The drawback with this is that it needs to be a full match, both in letter case and the text itself. Most search systems these days allow for some sort of partial match, which can be tremendously helpful in finding things quickly - although it can have a negative impact on performance if it’s not properly implemented.

In order to support wildcard queries, I have used a library called LINQKit to dynamically generate predicates for the database query - which allows me to use EF.Functions.Like which usually only supports checking single values.

private ExpressionStarter<Keyword> GenerateSearchQueryForKeywords(List<string> keywords)
    var predicate = PredicateBuilder.New<Keyword>();
    foreach (var keyword in keywords)
        // I chose to only set the wildcard on the end of the keyword
        // for performance reasons - benefiting from indexing done by the database
        predicate = predicate
            .Or(k => EF.Functions.Like(k.Value, $"{keyword}%"));
    return predicate;
public async Task<SearchResult> Search(string query)
    // get all tracks matching keywords
    var keywords = ProcessInputString(query);
    var trackIds = await _context.Keywords
        .Select(k => k.Tracks)
        .SelectMany(t => t)
        .Select(t => t.Id)

    var idGroups = trackIds.GroupBy(t => t);
    // get only the IDs matching the query
    var idsMatchingQuery = idGroups
        .Where(g => g.Count() == keywords.Count())        .Select(g => g.Key);

    // fetch tracks matching query
    var tracks = await _context.Tracks
        .Where(t => idsMatchingQuery.Contains(t.Id))

    return new SearchResult()
        Albums = tracks.Select(t => t.Album)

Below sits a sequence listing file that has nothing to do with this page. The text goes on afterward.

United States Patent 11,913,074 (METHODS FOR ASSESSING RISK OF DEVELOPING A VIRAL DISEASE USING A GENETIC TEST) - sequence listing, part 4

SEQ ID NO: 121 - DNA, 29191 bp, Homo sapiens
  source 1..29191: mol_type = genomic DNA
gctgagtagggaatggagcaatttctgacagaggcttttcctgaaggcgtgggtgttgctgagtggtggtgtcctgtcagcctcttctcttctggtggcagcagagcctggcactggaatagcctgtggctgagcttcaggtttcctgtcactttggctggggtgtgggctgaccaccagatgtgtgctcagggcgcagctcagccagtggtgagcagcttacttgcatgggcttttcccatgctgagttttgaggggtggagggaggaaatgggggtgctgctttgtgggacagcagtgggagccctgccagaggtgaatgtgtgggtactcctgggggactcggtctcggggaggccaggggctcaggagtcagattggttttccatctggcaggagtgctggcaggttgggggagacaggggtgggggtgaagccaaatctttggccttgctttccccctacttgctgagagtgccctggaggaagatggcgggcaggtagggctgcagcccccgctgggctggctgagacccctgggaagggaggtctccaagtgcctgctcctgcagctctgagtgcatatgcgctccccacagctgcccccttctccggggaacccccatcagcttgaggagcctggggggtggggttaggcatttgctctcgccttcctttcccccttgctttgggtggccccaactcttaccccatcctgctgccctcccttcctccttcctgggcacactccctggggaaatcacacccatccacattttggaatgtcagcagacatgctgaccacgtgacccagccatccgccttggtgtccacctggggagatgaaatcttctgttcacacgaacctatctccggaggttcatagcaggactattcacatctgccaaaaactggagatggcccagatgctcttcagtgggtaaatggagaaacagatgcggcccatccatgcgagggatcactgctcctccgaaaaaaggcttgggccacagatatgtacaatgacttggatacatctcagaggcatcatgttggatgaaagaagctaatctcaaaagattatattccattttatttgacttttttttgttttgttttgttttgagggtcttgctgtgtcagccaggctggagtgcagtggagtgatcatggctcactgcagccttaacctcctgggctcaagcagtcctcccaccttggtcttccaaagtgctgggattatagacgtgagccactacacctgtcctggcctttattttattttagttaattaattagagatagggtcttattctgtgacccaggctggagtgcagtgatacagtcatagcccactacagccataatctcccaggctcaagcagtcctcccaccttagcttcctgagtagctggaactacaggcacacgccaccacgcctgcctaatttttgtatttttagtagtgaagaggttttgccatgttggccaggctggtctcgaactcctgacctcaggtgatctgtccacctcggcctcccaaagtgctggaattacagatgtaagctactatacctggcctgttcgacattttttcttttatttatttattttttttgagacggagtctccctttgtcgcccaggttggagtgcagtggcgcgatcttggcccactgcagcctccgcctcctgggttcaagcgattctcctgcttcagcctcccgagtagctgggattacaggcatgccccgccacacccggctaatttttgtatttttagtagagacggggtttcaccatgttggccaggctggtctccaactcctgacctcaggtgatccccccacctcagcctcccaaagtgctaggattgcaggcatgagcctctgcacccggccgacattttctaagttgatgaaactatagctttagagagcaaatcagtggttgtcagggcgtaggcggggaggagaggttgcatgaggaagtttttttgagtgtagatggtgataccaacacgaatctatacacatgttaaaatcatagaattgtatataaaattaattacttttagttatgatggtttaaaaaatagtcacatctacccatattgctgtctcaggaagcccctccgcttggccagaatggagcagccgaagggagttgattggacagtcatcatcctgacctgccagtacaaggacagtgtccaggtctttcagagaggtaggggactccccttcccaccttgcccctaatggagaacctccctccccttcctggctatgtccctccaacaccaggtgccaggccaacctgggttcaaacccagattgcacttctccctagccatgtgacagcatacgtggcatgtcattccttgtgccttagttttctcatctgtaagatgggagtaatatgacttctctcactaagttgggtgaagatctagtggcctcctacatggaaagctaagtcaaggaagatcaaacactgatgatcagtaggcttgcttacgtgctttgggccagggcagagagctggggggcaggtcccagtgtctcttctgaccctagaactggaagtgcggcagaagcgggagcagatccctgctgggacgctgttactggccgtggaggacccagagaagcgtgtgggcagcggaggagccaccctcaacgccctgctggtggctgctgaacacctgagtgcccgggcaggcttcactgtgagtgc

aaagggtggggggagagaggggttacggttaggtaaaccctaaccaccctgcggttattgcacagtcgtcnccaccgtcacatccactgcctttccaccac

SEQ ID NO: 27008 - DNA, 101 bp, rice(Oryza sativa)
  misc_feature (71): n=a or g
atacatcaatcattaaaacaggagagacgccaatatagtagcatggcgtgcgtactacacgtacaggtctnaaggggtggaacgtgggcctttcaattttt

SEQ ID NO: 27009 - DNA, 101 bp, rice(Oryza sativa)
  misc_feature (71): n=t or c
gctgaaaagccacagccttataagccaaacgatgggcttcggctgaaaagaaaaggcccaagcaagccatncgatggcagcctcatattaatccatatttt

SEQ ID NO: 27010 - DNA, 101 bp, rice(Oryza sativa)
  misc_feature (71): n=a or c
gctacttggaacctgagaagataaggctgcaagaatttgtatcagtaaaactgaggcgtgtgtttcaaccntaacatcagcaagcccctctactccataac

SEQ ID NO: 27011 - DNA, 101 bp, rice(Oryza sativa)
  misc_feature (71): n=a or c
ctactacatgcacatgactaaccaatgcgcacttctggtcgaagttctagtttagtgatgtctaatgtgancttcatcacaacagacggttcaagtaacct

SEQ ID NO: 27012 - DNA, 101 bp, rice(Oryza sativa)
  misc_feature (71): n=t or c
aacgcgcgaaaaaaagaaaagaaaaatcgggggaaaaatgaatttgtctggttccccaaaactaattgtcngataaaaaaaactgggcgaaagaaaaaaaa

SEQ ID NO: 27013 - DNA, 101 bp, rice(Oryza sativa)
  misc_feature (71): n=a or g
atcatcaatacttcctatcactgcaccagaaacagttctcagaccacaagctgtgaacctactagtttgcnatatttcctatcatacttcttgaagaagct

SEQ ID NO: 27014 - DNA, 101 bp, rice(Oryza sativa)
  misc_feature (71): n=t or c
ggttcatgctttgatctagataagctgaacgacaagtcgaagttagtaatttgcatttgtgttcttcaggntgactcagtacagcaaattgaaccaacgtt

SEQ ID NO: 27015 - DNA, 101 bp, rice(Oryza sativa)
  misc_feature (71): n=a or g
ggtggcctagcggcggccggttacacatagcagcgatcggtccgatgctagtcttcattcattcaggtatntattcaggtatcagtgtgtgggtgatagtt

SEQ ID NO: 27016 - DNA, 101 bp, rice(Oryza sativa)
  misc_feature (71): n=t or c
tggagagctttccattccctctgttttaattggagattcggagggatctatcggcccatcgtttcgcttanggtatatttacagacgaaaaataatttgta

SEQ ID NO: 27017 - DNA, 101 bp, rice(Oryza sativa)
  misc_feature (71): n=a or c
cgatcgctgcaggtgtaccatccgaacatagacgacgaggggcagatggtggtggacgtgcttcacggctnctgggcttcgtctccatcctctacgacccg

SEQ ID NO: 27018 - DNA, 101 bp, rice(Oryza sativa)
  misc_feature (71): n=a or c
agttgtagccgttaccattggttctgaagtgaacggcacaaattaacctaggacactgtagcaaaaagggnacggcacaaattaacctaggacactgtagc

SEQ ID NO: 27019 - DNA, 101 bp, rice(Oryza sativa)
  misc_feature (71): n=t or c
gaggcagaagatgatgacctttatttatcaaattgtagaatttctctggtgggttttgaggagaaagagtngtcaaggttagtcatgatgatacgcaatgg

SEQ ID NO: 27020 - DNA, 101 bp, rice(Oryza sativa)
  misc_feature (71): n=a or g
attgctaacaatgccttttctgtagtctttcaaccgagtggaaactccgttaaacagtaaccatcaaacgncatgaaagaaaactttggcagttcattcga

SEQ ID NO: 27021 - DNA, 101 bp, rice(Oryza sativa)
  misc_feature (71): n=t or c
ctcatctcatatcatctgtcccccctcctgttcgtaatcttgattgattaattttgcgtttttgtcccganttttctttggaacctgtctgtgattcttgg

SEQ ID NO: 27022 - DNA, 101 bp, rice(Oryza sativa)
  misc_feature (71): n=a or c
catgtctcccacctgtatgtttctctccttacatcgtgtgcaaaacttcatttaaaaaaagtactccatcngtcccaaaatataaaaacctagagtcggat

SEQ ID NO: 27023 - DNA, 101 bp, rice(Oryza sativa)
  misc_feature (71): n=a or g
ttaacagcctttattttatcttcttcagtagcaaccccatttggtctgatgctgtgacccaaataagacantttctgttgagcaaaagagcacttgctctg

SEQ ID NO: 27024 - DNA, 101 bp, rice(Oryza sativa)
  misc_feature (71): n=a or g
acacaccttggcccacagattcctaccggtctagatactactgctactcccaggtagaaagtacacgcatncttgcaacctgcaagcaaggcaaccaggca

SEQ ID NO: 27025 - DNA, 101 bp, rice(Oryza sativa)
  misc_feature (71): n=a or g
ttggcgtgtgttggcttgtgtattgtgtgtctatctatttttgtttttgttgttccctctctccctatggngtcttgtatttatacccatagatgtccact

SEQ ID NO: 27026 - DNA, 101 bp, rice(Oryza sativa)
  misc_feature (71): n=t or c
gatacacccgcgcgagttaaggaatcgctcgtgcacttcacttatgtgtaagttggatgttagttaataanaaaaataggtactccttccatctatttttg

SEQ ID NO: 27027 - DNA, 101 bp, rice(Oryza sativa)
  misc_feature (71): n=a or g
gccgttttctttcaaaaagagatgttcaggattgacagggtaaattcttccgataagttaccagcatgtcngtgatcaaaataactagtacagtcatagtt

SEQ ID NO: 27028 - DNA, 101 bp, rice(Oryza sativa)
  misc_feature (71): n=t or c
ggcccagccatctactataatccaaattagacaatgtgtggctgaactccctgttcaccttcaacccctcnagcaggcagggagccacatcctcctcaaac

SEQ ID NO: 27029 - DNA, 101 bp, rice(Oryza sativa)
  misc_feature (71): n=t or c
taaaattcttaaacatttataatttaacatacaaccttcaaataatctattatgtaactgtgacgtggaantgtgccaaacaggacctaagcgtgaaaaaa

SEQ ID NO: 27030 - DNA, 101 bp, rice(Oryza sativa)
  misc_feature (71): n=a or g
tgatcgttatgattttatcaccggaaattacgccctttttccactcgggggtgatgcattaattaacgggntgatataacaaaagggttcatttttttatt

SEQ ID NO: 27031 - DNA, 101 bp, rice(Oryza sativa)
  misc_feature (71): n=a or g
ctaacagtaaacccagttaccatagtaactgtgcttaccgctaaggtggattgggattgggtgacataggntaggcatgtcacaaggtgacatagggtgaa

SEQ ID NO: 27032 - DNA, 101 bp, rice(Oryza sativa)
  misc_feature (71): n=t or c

.Distinct(new SimpleAlbumDtoComparer())
        Artists = tracks.Select(t => t.Artist)
        .Distinct(new SimpleArtistDtoComparer())
        Tracks = tracks

Let’s go over the search function. First, we query the database for the keywords using our dynamic query builder. We select the tracks from that query, flatten the list of track lists using SelectMany and then select the IDs of the tracks we’re interested in. By only selecting the IDs, we can filter the matches before getting the track data, which allows for more performant queries.

Refer back to the data table we created earlier. If I search for broken - I’ll get every track in the table. Tracks 1 and 4 had the term in their title, while 2 and 3 had it in their album tags. If I search for broken soul, it will first match with all the tracks, and then soul will match with tracks 2 and 3. Because soul has tracks 2 and 3 in common with broken, we can tell that they are related to the query as a whole and thereby matching with the album tag Broken Soul.

Based on this knowledge, we know if a track ID is repeated n times, where n is the number of segments in the query, that those tracks match the entire query.

Once we have the tracks matching the query, we can fetch them from the database. I am using the AutoMapper function ProjectTo to select only the data we need. Finally, we can use the data gathered from all the tracks to assemble a list of search results containing every artist and album referenced by the tracks we found.

Summary #

We’ve just built a highly performant search system that can help users find their music with little effort. I’ve had countless ideas about extending the search algorithm to also index label names, catalog numbers, genres, lyrics, etc. Imagine how cool it would be to search for a part of a lyric and just find the song you’re looking for…

Now it’s just a question of scalability - how will it perform when you throw 50,000+ tracks at it?

I’ll be writing more about the fun stuff I make while hacking on Coral. There’s also an RSS feed you can subscribe to want to keep up to date with my latest articles.

See you in the next one!